HPTN Bibliographic Record

Beyrer C, Malone J, Baral S, Wang Z, Rio CD, Mayer KH, Batey DS, Farley J, Gamble T, Stanton J, Hughes JP, Wilson E, Irvin R, Guevara-Perez O, Bocek A, Bruce J, Gaston R, Cummings V, Remien RH, Team HS. Comparing Recruitment Strategies to Engage Hard-to-Reach Men Who Have Sex with Men Living with HIV with Unsuppressed Viral Loads in Four Us Cities: Results from HPTN 078. J Int AIDS Soc. 2021, 24: e25798. PMC8412086
Abstract:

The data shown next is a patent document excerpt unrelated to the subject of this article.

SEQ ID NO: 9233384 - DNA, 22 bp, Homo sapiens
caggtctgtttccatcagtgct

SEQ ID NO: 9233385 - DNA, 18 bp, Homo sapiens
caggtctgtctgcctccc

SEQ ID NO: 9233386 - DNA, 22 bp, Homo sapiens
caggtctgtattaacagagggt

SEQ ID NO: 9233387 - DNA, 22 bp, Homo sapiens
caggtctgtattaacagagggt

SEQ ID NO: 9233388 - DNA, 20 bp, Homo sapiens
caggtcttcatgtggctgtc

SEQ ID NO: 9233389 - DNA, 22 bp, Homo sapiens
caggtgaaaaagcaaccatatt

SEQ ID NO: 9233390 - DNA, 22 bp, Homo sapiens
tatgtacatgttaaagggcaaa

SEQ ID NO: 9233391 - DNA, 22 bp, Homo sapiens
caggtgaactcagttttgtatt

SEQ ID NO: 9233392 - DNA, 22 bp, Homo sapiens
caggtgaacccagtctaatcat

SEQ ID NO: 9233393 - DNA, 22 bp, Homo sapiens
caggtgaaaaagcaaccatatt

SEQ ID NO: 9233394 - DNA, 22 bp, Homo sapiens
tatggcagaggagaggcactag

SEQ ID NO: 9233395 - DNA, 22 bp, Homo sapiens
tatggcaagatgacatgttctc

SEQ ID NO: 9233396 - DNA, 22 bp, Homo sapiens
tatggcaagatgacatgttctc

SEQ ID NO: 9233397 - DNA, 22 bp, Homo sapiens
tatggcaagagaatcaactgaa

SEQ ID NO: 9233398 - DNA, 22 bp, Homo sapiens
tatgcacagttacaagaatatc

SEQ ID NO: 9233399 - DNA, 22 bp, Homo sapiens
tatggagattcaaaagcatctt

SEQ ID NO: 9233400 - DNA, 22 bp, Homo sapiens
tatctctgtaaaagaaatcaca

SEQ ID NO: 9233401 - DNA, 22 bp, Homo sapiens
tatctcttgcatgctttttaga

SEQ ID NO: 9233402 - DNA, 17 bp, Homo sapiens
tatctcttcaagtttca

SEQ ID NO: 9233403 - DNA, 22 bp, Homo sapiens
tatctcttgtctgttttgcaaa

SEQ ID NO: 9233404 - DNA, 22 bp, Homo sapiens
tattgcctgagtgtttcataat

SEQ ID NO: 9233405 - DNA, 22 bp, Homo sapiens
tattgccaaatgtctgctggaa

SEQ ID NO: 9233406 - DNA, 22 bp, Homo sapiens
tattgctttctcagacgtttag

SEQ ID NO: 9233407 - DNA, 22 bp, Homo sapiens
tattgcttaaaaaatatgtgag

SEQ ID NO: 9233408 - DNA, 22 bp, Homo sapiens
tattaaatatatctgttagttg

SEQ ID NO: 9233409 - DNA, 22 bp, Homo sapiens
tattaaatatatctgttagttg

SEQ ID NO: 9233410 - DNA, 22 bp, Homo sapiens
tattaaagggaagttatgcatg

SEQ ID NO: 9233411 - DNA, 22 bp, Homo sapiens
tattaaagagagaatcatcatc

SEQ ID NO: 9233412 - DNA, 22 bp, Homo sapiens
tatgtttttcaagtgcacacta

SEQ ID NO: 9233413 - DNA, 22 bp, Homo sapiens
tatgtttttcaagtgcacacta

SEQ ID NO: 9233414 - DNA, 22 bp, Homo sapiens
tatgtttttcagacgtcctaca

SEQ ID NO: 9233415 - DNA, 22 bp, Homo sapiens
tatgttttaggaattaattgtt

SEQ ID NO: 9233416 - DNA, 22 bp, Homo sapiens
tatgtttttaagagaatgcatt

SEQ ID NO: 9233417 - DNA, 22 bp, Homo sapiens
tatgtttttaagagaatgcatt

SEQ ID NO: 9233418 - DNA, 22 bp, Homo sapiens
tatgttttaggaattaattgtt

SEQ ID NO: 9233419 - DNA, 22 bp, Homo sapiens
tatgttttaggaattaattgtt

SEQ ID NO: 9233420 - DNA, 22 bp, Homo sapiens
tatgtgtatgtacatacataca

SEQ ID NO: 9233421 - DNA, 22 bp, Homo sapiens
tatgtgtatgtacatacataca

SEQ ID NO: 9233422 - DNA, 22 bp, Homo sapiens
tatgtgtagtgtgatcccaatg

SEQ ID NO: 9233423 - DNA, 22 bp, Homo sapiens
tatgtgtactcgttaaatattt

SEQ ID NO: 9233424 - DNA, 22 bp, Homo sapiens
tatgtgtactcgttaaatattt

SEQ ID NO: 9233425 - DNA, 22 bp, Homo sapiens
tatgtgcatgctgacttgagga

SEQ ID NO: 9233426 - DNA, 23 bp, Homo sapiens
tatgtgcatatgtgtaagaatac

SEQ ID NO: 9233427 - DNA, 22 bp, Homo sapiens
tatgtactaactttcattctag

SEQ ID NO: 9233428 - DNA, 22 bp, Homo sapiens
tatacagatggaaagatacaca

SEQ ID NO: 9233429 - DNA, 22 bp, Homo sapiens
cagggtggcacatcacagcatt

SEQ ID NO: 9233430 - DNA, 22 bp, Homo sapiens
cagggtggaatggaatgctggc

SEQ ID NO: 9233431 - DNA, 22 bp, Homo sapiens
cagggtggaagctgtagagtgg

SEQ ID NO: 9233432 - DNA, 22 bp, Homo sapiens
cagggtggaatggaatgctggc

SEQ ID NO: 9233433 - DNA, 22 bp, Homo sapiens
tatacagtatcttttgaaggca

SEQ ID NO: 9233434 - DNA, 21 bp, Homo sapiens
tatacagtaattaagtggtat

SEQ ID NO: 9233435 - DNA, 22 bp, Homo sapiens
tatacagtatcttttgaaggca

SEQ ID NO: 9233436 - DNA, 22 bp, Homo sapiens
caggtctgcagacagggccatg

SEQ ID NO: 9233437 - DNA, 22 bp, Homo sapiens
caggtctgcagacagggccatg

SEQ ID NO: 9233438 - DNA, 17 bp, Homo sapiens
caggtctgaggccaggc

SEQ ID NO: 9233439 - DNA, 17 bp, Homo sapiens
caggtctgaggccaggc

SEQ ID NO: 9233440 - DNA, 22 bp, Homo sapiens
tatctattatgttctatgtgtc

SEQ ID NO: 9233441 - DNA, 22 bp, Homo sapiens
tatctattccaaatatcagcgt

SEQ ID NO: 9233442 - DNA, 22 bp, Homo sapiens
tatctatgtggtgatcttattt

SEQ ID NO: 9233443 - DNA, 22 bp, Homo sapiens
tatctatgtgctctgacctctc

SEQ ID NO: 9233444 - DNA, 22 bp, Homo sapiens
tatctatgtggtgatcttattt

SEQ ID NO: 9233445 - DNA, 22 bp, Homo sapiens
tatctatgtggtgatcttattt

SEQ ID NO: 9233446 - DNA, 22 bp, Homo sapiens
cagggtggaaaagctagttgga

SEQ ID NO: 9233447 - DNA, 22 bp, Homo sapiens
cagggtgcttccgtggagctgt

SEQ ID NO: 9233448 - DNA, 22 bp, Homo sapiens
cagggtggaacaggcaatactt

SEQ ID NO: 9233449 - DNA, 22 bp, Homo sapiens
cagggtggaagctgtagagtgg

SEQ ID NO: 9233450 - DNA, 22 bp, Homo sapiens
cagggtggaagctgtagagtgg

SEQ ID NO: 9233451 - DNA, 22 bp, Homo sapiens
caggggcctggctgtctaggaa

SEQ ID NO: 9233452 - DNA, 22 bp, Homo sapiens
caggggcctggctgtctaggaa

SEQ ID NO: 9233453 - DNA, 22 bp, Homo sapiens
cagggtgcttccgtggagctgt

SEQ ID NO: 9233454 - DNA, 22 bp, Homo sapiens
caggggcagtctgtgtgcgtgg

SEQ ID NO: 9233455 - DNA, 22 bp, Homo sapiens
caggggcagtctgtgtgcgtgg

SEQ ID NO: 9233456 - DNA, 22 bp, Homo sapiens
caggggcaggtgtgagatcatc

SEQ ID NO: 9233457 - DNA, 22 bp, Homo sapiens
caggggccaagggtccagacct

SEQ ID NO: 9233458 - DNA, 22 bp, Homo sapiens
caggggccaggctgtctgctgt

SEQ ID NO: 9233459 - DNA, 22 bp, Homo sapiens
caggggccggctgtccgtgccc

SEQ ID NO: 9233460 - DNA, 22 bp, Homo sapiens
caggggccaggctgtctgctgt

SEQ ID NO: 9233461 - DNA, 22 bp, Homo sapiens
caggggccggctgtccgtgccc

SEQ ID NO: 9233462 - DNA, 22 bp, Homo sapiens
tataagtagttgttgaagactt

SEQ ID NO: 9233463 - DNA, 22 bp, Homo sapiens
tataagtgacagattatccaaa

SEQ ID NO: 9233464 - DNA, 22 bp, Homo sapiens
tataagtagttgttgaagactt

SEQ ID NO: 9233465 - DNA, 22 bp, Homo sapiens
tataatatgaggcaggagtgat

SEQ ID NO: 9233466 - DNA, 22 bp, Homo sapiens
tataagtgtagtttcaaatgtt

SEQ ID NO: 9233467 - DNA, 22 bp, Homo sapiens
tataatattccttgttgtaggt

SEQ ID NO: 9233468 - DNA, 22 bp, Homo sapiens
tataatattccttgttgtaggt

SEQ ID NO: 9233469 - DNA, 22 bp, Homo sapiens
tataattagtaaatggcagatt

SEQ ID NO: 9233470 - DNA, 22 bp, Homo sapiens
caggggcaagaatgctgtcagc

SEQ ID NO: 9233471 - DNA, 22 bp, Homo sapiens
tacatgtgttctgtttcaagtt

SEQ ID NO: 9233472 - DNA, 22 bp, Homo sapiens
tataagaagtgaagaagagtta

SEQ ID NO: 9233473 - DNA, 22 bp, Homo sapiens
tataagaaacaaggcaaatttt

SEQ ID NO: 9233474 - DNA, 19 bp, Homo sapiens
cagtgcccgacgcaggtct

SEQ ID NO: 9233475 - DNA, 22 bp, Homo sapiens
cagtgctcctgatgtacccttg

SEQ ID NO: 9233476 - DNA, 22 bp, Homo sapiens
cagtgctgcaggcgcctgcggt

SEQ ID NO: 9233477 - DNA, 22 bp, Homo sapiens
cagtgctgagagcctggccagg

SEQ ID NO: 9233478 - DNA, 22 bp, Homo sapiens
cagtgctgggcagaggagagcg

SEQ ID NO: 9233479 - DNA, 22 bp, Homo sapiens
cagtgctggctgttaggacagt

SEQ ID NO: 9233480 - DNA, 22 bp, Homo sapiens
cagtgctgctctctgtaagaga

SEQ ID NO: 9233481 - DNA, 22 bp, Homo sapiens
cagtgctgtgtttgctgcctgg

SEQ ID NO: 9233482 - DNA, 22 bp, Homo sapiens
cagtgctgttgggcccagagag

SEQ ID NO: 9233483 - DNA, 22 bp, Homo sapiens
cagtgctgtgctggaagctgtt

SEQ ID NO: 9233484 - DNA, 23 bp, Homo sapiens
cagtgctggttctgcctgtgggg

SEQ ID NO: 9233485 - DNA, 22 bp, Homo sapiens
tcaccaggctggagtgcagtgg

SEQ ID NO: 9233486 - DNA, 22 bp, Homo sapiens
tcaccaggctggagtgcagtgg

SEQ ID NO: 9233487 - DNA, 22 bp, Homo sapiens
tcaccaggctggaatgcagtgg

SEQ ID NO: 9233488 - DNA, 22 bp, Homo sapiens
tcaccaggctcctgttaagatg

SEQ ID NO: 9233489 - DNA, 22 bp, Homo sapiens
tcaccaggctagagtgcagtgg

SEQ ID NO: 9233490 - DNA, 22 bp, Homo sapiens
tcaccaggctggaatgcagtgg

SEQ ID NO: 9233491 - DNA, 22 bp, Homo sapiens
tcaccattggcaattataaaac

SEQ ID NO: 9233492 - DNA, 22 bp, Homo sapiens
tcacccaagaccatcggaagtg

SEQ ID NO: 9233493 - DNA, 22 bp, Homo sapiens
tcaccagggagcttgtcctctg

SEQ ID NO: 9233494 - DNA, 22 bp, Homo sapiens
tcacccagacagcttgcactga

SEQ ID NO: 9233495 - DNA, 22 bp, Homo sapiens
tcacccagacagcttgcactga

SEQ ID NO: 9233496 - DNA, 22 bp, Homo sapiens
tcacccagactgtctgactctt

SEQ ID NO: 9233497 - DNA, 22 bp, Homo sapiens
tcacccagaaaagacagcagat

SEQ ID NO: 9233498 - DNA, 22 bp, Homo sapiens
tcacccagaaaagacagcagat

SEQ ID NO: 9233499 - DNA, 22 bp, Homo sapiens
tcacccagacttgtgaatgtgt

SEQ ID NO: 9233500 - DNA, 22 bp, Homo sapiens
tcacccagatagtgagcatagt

INTRODUCTION: There is an urgent need to identify men who have sex with men (MSM) living with HIV with unsuppressed viral loads to prevent transmission. Though respondent-driven sampling (RDS) is traditionally used for hard-to-reach populations, we compare how RDS and direct recruitment (DR) perform in identifying MSM living with HIV with unsuppressed viral loads and identifying MSM with socio-demographics characteristic of hard-to-reach populations. METHODS: This is a cross-sectional analysis among 1305 MSM who were recruited from March 2016 to December 2017 for a case management intervention trial (HPTN 078). We recruited participants across four cities using RDS and DR methods: Birmingham, AL; Atlanta, GA; Baltimore, MD; and Boston, MA. Participants completed a socio-demographic questionnaire and underwent HIV testing. We compare the proportion of MSM with HIV and unsuppressed viral loads (HIV RNA >/= 1000 copies/ml) based on recruitment method using Pearson chi-square tests. We also compare differences in race, income, healthcare coverage, education, sexual orientation, hidden sexuality and comfort with participating in the LGBT community between recruitment methods and perform non-parametric trend tests to see how demographics change across RDS recruitment waves. RESULTS: RDS recruited 721 men (55.2%) and DR yielded 584 men (44.8%). Overall, 69% were living with HIV, of whom 18% were not virally suppressed. HIV prevalence was higher among those recruited via DR (84%) compared to RDS (58%), p < 0.0001. Twenty per cent of DR recruits were not virally suppressed compared to 15% of RDS, though this was not significant. DR yielded a significantly higher proportion of Black participants and those with less than a high school diploma. The prevalence of low income, no healthcare coverage, bisexuality and hidden sexuality increased across RDS waves. CONCLUSIONS: DR was more efficient in identifying MSM living with HIV with unsuppressed viral loads; however, there was a higher proportion of hard-to-reach MSM who were low income, lacked health coverage, were bisexual and were not open with their sexuality in deeper waves of RDS. Researchers should consider supplementing RDS recruitment with DR efforts if aiming to identify MSM with unsuppressed viral loads via RDS.